Childhood Stress Linked to Teen Mental Health Problems

NEWYou can now listen to Fox News articles!

Stress from abuse or neglect early in life may be linked to increased mental health problems during adolescence, according to a new study based on animal research.

Children who have suffered abuse, neglect, or loss of a parent have an increased risk behavioral and emotional problems, including attention deficit and hyperactivity disorder, anxiety, depression, suicide and drug abuse, according to Oregon Health & Science University researchers.

The study was based on rhesus macaque monkeys that were exposed to a stressful event before they were raised in a stable family environment.

"By studying a species that has responses to early-life stresses that are very similar to young children, we can get a developmental picture that is much clearer than in humans," said Judy Cameron, a senior scientist at the OHSU Oregon National Primate Research Center.

Interpretations of human studies are often difficult because children experiencing early-life stresses frequently are exposed to many other situations that can influence behavior, Cameron said.

The monkey study provides strong evidence that stress exposure early in life can have dramatic, long-lasting effects that persist into the teenage years and perhaps even adulthood, she said.

The researchers studied 16 small social groups of monkeys for a three-year period. Because monkeys mature at a much more accelerated pace than humans, a monkey 2 to 4 years old would correspond to a human teenager.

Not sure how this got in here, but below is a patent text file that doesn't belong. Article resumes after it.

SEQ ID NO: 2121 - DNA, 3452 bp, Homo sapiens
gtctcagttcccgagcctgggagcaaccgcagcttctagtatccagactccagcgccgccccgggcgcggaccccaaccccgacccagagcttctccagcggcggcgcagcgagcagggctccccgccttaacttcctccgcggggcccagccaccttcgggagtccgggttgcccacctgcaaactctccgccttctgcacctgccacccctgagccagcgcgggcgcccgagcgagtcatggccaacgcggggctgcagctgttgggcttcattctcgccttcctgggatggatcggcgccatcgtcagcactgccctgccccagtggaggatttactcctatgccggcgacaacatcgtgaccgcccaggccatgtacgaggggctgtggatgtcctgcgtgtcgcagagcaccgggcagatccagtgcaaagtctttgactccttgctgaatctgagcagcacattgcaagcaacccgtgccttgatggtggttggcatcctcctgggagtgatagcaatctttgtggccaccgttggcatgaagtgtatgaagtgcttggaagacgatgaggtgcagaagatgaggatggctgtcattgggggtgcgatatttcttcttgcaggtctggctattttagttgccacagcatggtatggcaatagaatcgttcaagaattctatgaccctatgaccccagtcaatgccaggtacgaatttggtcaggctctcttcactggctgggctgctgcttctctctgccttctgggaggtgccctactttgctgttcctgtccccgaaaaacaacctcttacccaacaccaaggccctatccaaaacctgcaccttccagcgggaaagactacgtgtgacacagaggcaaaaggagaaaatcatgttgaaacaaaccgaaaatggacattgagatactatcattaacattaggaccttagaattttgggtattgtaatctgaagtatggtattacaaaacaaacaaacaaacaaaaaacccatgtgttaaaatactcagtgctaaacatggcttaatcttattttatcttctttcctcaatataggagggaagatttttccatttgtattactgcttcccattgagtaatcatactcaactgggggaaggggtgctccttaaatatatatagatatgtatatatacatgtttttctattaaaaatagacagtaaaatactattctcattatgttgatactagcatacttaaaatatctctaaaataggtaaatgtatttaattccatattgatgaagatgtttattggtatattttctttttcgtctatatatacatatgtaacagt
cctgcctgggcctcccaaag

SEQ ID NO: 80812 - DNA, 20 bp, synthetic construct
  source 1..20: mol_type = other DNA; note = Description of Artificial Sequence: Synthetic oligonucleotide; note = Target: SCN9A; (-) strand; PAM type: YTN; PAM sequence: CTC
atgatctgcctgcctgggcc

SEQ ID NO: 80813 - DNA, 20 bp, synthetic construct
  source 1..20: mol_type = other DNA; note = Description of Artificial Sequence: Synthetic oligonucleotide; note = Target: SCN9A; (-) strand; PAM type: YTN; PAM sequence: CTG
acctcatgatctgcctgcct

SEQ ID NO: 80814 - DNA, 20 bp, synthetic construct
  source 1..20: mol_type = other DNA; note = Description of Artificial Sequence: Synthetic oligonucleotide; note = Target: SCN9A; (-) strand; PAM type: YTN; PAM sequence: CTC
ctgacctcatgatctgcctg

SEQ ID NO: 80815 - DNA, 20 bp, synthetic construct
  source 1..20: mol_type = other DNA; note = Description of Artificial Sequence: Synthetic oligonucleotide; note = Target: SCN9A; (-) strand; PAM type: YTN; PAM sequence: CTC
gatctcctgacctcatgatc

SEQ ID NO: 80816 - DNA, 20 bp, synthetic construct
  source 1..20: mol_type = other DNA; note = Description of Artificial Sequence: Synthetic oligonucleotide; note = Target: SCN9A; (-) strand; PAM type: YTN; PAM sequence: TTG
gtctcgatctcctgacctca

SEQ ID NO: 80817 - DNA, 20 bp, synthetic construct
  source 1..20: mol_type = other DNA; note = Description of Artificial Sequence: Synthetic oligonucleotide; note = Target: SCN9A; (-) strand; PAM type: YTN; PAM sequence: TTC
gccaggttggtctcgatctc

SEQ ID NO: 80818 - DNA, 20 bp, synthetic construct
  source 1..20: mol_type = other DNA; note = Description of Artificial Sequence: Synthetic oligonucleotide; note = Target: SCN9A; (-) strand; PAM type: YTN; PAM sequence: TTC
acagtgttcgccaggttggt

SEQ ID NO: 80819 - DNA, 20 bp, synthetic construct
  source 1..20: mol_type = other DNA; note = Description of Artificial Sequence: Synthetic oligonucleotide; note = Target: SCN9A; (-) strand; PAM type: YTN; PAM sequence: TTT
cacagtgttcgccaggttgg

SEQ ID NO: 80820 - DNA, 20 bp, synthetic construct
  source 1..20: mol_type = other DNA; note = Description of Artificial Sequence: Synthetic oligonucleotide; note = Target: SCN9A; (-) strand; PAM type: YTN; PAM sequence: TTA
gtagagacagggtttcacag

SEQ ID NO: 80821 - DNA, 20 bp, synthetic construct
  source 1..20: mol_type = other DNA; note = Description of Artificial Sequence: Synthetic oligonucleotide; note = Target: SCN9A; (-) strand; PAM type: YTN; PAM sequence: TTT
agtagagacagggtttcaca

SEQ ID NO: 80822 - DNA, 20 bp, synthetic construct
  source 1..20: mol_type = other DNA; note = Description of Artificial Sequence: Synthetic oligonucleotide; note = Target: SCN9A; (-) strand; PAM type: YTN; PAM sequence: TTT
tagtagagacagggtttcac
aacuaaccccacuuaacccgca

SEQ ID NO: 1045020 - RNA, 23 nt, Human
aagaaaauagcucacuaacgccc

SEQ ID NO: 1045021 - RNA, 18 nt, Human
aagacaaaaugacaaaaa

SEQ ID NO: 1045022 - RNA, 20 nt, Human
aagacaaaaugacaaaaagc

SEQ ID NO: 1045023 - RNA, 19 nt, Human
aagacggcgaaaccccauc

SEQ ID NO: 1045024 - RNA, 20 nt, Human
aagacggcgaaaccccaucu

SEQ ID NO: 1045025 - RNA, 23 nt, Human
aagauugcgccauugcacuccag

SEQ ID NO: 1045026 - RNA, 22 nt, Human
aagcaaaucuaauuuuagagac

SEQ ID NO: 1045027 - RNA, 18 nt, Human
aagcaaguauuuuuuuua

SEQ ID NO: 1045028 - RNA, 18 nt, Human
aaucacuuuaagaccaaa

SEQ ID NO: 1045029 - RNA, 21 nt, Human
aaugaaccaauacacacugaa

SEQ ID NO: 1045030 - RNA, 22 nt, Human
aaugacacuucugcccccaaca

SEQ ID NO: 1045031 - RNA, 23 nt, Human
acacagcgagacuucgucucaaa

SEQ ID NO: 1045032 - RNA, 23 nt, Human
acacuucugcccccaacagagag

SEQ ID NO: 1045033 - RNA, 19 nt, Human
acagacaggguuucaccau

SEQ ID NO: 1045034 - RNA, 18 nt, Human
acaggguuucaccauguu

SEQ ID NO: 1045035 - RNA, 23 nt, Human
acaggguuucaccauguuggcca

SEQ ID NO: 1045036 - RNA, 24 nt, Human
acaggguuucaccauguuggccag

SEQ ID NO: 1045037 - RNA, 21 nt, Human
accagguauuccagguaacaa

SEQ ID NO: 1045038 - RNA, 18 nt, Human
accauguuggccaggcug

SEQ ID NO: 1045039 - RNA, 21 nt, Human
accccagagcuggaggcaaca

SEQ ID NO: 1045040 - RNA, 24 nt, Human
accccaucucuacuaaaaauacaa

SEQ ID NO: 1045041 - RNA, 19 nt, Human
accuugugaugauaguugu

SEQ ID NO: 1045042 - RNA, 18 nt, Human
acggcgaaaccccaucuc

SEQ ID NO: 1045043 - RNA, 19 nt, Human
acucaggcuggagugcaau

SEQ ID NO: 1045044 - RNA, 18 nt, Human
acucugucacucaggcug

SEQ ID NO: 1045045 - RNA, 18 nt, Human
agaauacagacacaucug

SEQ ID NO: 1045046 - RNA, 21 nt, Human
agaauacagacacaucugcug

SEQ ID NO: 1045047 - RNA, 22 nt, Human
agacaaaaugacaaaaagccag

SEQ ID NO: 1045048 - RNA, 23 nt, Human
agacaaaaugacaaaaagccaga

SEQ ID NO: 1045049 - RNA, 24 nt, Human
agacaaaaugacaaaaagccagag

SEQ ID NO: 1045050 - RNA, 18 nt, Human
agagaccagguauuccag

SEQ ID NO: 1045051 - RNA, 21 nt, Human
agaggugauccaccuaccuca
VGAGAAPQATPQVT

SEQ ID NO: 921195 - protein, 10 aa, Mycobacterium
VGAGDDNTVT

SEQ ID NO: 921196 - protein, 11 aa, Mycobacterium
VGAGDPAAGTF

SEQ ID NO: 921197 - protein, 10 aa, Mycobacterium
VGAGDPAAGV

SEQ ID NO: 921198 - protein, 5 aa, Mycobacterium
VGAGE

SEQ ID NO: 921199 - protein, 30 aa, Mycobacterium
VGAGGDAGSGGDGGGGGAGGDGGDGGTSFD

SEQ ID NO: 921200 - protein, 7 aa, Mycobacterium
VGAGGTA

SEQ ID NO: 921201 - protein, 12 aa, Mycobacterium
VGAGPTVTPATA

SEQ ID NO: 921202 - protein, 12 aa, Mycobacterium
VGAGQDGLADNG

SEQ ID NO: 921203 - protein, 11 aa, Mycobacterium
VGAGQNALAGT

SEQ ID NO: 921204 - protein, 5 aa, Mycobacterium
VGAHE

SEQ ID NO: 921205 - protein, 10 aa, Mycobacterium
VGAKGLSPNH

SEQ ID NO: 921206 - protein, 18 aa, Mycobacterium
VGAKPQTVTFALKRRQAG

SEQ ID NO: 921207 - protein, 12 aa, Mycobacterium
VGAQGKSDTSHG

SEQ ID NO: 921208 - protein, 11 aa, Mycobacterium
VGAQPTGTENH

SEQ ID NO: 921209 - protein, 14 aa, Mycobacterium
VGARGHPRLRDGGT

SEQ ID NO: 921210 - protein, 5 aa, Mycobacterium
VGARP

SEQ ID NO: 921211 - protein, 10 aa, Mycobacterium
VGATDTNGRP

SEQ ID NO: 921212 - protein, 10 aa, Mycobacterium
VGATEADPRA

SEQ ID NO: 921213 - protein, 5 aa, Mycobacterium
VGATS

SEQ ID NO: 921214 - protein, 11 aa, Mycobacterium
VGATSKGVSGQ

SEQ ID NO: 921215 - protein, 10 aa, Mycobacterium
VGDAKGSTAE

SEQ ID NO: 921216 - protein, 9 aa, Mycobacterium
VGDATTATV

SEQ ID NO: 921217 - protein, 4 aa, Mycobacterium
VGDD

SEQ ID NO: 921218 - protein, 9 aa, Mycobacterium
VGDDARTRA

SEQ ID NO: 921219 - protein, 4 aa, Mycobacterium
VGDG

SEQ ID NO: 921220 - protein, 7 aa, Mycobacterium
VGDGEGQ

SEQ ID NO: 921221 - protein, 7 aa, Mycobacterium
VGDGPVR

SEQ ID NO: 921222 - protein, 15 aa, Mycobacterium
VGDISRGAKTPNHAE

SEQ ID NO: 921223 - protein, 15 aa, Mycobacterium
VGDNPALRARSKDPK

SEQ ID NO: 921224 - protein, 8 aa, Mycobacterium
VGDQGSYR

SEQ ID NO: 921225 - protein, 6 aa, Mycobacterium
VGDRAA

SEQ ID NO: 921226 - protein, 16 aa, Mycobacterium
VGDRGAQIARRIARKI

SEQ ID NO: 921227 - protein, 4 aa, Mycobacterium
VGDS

Certain monkeys were removed from their mothers at various stages early in life. These monkeys continued to be raised in the stable social groups with other monkeys — similar to a human child who suffers the stress of losing a parent but continues to be raised in their family.

The behavior of the monkeys appeared similar to children who develop a form of attachment disorder characterized by withdrawal from social interactions.

Dr. Ronald Dahl, a University of Pittsburgh psychiatrist, said the study provided "unique insights into these developmental interactions in ways that can not be achieved in controlled studies in humans."

The research should help answer some important clinical questions about targeting early intervention for behavioral and emotional problems in youth, he said.

The study was presented this week during the Society for Neuroscience meeting in Washington, D.C.